Lithography
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Lithography

 

Lithography is the art of printing from stone.  The process was invented by Alois Senefelder in 1796, and the fundamental principles that he established have remained unchanged.  By writing or drawing with a greasy ink on a specially prepared slab of limestone, the grease is absorbed by the stone and the image thus formed has an affinity for printing ink, while the remaining parts of the stone repel the ink as long as the surface is kept moist with water.

After the invention of photography in the mid-nineteenth century and the production implications led to a dramatic technological innovations taking place.  The use of photographic techniques for reproduction allowed more visual images to be produced.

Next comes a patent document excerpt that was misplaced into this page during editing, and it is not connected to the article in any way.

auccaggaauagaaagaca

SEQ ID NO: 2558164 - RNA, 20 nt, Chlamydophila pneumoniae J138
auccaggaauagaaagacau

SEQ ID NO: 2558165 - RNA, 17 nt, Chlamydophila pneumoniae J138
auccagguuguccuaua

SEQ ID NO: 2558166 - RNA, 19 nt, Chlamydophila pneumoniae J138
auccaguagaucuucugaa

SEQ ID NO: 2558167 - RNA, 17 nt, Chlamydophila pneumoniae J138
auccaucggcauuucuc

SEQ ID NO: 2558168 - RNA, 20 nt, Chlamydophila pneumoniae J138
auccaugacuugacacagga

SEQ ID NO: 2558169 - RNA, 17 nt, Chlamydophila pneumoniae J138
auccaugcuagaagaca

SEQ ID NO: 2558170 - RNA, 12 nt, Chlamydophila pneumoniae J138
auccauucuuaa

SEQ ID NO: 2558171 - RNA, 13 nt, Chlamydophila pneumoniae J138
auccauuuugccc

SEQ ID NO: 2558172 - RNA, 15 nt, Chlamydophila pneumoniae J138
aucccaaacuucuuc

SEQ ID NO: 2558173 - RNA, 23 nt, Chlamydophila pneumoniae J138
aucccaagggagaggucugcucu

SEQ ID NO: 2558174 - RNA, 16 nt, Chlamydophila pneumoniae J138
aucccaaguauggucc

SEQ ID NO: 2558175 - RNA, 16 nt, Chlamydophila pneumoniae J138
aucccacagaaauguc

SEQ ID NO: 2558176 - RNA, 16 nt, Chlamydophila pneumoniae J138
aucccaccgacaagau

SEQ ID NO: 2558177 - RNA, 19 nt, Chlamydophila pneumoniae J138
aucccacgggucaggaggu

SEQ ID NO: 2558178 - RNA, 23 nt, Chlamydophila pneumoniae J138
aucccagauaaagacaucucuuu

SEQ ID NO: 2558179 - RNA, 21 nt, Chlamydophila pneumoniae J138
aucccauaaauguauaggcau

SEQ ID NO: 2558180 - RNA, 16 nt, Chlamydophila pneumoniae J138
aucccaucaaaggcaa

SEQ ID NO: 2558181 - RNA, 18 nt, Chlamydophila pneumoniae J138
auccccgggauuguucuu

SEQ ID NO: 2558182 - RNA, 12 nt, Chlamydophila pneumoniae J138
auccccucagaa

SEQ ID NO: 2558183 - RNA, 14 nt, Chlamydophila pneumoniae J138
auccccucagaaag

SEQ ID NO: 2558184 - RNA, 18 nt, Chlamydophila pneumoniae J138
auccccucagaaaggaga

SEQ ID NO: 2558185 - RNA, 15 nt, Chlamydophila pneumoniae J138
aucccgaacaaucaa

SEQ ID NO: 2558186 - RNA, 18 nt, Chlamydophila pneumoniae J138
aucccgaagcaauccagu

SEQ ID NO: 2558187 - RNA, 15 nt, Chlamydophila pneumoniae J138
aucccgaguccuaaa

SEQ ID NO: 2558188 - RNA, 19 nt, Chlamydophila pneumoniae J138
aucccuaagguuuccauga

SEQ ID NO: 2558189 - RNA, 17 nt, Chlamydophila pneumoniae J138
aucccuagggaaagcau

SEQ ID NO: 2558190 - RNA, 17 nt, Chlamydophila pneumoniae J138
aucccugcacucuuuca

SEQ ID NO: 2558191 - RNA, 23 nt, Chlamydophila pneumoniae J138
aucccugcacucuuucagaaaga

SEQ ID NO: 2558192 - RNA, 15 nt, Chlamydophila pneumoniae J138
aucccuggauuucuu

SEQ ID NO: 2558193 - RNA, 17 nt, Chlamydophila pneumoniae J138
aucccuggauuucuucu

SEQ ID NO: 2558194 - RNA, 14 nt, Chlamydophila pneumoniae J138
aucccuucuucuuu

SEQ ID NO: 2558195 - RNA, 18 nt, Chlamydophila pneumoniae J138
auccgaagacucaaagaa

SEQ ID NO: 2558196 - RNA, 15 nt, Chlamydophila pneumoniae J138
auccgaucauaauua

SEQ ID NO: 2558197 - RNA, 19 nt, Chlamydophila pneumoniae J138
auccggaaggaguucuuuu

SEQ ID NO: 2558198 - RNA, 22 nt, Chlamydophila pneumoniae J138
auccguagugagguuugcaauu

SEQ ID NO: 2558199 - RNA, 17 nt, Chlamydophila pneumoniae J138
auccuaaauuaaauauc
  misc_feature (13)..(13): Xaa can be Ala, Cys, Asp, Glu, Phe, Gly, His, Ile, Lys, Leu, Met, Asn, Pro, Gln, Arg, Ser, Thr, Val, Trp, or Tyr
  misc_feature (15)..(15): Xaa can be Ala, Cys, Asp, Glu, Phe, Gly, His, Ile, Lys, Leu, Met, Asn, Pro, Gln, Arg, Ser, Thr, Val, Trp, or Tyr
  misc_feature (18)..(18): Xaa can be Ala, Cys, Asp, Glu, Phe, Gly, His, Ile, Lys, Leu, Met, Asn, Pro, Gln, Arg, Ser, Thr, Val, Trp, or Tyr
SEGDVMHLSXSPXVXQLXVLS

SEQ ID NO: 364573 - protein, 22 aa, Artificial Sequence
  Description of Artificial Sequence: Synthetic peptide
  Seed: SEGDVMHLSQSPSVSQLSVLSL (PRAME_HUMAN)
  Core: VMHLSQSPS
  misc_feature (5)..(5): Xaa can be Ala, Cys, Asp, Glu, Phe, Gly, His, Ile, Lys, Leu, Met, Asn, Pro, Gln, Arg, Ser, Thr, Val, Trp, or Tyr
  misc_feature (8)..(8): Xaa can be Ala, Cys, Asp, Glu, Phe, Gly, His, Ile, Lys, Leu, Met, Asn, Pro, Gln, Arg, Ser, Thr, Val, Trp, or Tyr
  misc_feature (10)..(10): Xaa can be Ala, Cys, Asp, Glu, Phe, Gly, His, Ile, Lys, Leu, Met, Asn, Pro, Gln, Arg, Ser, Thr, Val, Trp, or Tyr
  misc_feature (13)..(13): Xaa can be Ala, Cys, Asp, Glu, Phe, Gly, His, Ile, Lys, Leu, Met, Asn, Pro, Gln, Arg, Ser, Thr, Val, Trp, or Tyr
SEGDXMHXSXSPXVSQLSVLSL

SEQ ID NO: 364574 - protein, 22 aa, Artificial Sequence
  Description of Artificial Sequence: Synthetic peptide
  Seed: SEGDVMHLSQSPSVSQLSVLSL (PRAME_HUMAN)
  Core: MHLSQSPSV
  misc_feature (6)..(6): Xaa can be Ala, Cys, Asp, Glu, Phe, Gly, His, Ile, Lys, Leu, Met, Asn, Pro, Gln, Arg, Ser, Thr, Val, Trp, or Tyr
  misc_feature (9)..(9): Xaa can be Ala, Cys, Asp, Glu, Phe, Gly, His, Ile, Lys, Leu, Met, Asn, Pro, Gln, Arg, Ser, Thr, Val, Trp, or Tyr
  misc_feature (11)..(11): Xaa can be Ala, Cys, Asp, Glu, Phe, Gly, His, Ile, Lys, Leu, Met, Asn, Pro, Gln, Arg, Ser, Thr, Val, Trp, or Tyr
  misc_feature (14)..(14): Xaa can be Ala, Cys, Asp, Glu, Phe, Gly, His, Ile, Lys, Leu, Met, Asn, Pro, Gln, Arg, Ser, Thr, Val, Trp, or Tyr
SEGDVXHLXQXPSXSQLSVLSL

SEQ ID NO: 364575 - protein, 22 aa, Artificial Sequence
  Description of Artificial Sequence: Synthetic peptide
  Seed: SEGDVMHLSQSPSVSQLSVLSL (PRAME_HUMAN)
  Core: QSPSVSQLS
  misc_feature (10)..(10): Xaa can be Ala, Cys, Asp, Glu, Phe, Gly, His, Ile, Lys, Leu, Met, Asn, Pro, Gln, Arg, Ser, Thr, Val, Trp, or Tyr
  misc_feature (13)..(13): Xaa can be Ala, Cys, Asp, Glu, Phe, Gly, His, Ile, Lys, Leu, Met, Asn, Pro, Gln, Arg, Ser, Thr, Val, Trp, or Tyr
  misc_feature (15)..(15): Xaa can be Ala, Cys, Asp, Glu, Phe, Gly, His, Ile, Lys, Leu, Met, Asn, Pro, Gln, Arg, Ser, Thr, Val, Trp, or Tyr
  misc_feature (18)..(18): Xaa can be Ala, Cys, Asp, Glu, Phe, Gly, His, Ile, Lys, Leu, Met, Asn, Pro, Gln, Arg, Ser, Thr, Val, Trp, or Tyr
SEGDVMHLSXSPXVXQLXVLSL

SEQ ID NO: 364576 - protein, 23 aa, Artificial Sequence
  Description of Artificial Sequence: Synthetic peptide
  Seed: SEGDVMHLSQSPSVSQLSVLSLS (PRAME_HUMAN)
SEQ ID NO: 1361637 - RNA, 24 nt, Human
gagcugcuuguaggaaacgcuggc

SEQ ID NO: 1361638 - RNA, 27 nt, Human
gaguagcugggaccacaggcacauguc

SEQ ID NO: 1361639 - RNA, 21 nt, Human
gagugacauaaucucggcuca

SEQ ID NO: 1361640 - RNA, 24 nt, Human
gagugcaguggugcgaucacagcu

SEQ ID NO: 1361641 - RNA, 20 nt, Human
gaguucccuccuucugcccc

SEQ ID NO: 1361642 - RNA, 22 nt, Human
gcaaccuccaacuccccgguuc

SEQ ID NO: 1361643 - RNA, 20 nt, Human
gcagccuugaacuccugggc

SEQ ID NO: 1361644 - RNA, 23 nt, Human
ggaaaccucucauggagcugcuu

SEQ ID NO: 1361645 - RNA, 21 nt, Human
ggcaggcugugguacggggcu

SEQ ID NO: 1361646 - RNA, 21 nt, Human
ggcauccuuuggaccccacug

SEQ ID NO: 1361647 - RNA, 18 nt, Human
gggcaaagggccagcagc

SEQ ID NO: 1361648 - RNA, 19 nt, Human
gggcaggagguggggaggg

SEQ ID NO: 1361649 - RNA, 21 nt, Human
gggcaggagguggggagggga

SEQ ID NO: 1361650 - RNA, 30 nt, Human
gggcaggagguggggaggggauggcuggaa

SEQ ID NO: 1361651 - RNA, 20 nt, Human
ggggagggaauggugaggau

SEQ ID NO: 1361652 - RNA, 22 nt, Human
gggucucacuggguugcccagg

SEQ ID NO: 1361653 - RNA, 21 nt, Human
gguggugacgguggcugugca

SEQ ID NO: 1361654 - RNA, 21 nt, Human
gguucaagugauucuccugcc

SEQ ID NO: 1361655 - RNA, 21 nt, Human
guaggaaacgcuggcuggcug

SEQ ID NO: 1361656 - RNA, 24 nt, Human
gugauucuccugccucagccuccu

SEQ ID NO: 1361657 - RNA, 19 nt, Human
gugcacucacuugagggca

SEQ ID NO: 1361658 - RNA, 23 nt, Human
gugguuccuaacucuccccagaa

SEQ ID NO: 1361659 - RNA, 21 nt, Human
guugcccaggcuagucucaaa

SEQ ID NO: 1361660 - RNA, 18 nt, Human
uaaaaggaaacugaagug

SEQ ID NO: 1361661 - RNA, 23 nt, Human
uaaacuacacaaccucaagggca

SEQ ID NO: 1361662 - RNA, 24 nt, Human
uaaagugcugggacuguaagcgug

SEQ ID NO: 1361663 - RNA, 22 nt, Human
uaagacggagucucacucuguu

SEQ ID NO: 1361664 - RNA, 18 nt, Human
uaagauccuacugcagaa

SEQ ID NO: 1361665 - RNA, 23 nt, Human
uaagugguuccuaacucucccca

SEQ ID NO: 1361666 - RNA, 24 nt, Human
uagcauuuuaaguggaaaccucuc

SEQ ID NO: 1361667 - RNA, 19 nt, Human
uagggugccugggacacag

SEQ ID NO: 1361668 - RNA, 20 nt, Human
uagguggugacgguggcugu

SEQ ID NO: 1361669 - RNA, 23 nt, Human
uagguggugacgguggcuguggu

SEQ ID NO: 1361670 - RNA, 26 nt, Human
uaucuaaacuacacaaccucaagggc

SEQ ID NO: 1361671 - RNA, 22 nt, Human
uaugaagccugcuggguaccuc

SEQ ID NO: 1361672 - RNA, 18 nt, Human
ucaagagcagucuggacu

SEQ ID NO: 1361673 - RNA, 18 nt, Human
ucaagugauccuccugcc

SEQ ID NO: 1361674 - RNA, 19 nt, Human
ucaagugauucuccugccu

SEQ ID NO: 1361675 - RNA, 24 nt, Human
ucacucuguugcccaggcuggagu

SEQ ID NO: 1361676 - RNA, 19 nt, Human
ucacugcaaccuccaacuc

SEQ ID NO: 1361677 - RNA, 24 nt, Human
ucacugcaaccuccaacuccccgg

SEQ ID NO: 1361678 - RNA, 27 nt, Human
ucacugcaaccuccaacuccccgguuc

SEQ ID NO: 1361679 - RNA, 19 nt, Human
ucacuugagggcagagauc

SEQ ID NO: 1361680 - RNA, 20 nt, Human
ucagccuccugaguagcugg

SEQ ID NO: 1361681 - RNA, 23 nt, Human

Lithographic presses are cylinder machines for printing from the lithographic stone or plate.  In early models c1860 the stone was fixed to a bed which moved to and fro beneath a cylinder.  The next major advancement was the introduction of the 'direct rotary' press with two cylinders, which, when printing, revolve continually in contact with each other.  On one cylinder is the plate and the second carries the sheet. Around 1908 the 'offset press' was introduced which enables fine lines and half-tone dots to be printed on either smooth or rough-surfaced paper.  The off-set machine consisted of three continually revolving cylinders.  The first carrying the printing plates with its damping and inking mechanism which makes contact with the rubber blanket moulded on the middle cylinder; the blanket offsets the design to paper, carries by the third cylinder.